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Three Days

March 13, 2011

We’re a little over halfway through our trip, and we’ve just returned from a three-day weekend in the Rotorua area south of Auckland. Rotorua is known for its geo-thermal activity: volcanos, hot springs, bubbling mud pools, geysers. And of course, the ubiquitous smell of sulfur. We stayed at a bach, a weekend house, overlooking Lake Tarawera, soaking up every minute we could with our dear friends and their eleven-week-old son. Three days of pure pleasure, our bodies rhythmically attuning to the baby’s needs, our conversations starting and stopping but never really ending. Having lived so far from these friends for almost three years, I was pleasantly amazed to capture comfort and closeness in just three days. When four adults shhhhooosssssh a fussy baby in unison, and simultaneously burst into shoulder-shaking silent laughter, all is right with the world.

It’s been a long time since I spent three days away from email, phone, all forms of communication besides talking (and hugging, and stroking the cheek of a baby). When we arrived back in Auckland last night and checked online, we learned that all is not right with the world. While setting out leftovers, we tried to figure out exactly what was going on in Japan while unsuccessfully absorbing three days worth of horror and trauma. While stuffing laundry into the machine, I also tried to absorb the news from the personal front, the news that something I love, Hawaii Women’s Journal, has suddenly, within three days, come to an end.

So much happens in three days. I wrote a few quick emails and went to bed.

When I awoke, however, I didn’t feel sad. I thought I would. I thought I should. But I didn’t.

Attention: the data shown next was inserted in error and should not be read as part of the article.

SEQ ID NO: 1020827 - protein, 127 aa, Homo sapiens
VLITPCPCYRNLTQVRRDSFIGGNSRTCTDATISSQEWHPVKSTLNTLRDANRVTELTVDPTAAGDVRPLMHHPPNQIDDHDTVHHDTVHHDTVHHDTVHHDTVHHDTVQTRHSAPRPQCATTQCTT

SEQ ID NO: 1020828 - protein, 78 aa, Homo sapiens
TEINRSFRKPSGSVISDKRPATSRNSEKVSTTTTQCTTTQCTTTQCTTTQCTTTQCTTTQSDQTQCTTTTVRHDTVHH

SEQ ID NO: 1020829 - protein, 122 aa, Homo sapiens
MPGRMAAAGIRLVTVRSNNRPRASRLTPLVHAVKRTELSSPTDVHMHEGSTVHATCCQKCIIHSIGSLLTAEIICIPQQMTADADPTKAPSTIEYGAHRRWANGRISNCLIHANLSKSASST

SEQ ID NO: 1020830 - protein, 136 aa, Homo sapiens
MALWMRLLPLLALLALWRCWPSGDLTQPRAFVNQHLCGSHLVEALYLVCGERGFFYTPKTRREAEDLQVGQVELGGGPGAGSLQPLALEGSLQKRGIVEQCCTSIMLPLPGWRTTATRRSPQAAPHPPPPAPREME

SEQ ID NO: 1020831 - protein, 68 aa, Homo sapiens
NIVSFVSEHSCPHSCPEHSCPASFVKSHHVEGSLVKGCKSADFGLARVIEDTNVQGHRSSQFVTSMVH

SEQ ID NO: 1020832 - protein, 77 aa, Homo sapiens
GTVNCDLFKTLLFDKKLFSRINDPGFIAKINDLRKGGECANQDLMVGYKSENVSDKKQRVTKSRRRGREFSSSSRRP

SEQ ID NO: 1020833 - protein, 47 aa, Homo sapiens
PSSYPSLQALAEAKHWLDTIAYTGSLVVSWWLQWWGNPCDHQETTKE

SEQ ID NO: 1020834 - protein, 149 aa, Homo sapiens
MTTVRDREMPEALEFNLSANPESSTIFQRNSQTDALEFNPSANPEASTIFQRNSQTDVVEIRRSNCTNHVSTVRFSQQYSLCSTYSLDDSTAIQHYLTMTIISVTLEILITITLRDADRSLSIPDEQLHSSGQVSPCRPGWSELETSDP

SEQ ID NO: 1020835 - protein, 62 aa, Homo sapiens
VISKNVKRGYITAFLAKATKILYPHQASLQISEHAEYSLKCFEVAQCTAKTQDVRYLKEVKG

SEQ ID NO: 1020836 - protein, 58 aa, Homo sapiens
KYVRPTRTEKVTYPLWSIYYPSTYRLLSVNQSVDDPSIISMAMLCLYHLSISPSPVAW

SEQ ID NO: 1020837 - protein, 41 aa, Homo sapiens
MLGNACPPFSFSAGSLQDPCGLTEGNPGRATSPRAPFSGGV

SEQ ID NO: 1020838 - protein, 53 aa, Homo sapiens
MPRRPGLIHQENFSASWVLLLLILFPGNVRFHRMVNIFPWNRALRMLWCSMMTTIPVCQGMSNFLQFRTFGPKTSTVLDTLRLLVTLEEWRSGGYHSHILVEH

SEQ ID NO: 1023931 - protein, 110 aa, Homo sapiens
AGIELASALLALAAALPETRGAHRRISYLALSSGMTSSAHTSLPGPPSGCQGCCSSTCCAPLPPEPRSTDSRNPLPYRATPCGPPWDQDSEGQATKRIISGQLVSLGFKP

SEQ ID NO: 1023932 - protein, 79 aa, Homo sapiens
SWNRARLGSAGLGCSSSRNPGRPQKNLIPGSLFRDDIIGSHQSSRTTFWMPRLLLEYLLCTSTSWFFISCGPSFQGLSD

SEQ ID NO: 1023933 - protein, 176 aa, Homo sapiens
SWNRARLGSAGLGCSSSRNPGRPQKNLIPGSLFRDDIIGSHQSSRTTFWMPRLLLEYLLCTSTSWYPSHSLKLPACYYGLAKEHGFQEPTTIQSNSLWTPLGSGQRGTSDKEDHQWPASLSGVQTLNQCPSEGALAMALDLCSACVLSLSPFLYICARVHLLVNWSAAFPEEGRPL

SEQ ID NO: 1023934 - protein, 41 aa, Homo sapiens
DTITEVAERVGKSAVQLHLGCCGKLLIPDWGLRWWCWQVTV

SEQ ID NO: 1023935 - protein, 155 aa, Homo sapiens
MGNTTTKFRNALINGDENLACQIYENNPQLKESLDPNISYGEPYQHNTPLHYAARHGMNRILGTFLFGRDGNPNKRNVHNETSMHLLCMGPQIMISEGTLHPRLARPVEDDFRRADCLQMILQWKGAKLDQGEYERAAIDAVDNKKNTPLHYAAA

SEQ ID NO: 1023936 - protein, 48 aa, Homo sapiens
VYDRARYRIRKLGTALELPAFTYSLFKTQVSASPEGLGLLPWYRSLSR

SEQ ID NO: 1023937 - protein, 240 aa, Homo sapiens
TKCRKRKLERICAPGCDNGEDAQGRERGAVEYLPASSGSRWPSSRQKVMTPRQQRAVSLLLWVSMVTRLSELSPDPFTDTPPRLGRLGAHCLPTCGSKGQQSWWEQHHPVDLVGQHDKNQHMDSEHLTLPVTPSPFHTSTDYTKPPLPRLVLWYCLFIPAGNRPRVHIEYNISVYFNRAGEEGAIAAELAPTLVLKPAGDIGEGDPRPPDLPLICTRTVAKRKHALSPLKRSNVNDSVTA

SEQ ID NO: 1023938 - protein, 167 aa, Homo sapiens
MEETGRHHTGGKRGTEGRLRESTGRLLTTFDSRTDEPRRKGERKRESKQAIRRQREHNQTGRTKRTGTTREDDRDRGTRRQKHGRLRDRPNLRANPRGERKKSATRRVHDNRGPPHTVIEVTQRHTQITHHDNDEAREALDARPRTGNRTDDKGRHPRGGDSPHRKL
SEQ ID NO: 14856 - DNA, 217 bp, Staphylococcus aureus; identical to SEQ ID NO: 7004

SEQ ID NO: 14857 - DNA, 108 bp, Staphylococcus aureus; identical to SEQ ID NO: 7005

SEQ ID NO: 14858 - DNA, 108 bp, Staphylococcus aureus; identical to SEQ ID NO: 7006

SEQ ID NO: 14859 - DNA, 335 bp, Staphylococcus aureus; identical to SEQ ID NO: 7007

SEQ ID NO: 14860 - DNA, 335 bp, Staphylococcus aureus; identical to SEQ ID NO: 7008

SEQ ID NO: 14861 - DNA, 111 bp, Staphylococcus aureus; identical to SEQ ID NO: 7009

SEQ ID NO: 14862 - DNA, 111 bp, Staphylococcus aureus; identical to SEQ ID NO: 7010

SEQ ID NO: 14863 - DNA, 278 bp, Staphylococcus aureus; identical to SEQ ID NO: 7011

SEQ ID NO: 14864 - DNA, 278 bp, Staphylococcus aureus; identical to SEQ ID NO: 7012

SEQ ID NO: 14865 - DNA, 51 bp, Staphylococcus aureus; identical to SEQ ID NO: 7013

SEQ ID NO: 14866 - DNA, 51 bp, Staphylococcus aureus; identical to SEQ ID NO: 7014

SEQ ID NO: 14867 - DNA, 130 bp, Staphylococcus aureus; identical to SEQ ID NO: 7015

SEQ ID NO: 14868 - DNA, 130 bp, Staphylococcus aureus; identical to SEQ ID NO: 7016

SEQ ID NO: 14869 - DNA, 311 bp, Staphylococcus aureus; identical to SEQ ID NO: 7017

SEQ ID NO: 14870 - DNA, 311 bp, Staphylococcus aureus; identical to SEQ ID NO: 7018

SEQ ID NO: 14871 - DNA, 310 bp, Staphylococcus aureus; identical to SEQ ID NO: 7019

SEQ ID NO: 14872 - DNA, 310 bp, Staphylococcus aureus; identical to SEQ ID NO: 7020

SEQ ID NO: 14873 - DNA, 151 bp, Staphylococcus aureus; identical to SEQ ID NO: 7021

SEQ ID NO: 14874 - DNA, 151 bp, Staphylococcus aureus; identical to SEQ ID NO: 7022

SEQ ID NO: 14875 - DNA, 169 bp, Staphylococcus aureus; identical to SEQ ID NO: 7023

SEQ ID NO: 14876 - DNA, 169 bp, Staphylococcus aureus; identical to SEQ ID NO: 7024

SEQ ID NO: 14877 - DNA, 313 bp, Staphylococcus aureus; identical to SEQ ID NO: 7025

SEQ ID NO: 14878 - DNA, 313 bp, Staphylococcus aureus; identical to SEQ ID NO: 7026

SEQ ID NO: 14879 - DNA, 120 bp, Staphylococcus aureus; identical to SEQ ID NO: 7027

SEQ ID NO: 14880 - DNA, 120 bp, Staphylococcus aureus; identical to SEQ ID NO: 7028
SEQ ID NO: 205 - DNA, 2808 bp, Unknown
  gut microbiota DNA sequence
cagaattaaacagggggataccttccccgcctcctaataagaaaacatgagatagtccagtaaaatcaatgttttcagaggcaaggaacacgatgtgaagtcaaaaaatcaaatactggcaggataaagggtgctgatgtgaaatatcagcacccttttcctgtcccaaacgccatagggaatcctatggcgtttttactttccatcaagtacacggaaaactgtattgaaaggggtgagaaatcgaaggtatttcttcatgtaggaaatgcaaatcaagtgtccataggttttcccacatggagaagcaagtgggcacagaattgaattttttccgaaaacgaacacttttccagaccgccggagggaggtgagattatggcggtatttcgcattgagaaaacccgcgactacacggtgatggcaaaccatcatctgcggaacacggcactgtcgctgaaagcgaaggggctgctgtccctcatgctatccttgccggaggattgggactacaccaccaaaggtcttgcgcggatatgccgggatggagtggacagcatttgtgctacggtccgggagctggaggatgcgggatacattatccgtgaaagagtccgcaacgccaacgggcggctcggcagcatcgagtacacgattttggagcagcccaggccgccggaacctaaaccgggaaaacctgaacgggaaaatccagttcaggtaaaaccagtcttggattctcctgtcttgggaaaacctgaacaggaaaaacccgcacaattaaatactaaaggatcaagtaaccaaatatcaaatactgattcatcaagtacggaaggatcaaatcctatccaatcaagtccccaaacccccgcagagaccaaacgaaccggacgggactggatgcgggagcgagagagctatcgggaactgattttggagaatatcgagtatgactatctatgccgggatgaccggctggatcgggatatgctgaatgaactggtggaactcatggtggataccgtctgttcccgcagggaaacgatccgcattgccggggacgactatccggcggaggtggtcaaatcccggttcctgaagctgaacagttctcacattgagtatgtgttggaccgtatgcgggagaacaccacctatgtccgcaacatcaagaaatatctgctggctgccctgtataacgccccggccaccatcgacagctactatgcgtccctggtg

I felt acute empathy for the people of Japan, for my Japanese friends, for the women and their families I met while traveling several years back. And I felt acute emptiness from the giant hole that has been left by the ending of HWJ. Yet I didn’t feel the full-body sadness that can often swirl around one’s self and squeeze.

I think it’s because if I were at home, I would experience this as a complete break in my continuum. But here, I am already in a break in my continuum. I think it’s because that during every three days we live, we might add both good and terrible memories. For every one of those good ones, there is certainly a bad one. And for every one of the bad ones, we change our perceptions, possibly even act differently, and wind up spending the next three days doing, thinking, and seeing in ways we might not have. And, in the end, we just live the three days, and the three days after that, doing what we can with each one.

I think it’s because of not-memory, too. Of watching an eleven-week-old smile each and every time his mother sings Spanish love songs, because each and every time it’s just that good.

I think it’s probably because of diapers.


Looking forward to the second half of the trip, and to returning to NYC absolutely soaked with new experiences.

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One Comment
  1. what a gift this trip is for you and justin. i am glad. loveyou:)


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